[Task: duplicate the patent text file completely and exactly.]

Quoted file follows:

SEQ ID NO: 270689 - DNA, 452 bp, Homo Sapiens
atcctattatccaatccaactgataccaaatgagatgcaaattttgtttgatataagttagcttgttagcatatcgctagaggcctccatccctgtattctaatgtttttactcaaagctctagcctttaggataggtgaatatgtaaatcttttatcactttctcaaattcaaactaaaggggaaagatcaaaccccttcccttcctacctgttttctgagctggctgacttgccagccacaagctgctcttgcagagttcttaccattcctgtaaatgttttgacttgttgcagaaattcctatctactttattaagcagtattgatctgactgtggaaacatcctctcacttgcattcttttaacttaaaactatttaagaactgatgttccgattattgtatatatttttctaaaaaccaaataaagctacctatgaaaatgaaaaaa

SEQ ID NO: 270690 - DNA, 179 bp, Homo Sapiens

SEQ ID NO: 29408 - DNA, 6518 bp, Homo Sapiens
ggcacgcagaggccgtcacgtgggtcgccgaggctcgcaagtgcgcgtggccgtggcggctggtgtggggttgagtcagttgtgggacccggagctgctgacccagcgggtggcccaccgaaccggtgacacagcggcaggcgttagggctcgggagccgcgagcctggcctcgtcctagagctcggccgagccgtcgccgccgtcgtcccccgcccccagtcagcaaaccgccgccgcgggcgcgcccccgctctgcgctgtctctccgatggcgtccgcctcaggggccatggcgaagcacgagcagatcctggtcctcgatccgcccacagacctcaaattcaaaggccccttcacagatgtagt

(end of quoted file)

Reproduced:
SEQ ID NO: 270689 - DNA, 452 bp, Homo Sapiens
atcctattatccaatccaactgataccaaatgagatgcaaattttgtttgatataagttagcttgttagcatatcgctagaggcctccatccctgtattctaatgtttttactcaaagctctagcctttaggataggtgaatatgtaaatcttttatcactttctcaaattcaaactaaaggggaaagatcaaaccccttcccttcctacctgttttctgagctggctgacttgccagccacaagctgctcttgcagagttcttaccattcctgtaaatgttttgacttgttgcagaaattcctatctactttattaagcagtattgatctgactgtggaaacatcctctcacttgcattcttttaacttaaaactatttaagaactgatgttccgattattgtatatatttttctaaaaaccaaataaagctacctatgaaaatgaaaaaa

SEQ ID NO: 270690 - DNA, 179 bp, Homo Sapiens

SEQ ID NO: 29408 - DNA, 6518 bp, Homo Sapiens
ggcacgcagaggccgtcacgtgggtcgccgaggctcgcaagtgcgcgtggccgtggcggctggtgtggggttgagtcagttgtgggacccggagctgctgacccagcgggtggcccaccgaaccggtgacacagcggcaggcgttagggctcgggagccgcgagcctggcctcgtcctagagctcggccgagccgtcgccgccgtcgtcccccgcccccagtcagcaaaccgccgccgcgggcgcgcccccgctctgcgctgtctctccgatggcgtccgcctcaggggccatggcgaagcacgagcagatcctggtcctcgatccgcccacagacctcaaattcaaaggccccttcacagatgtagt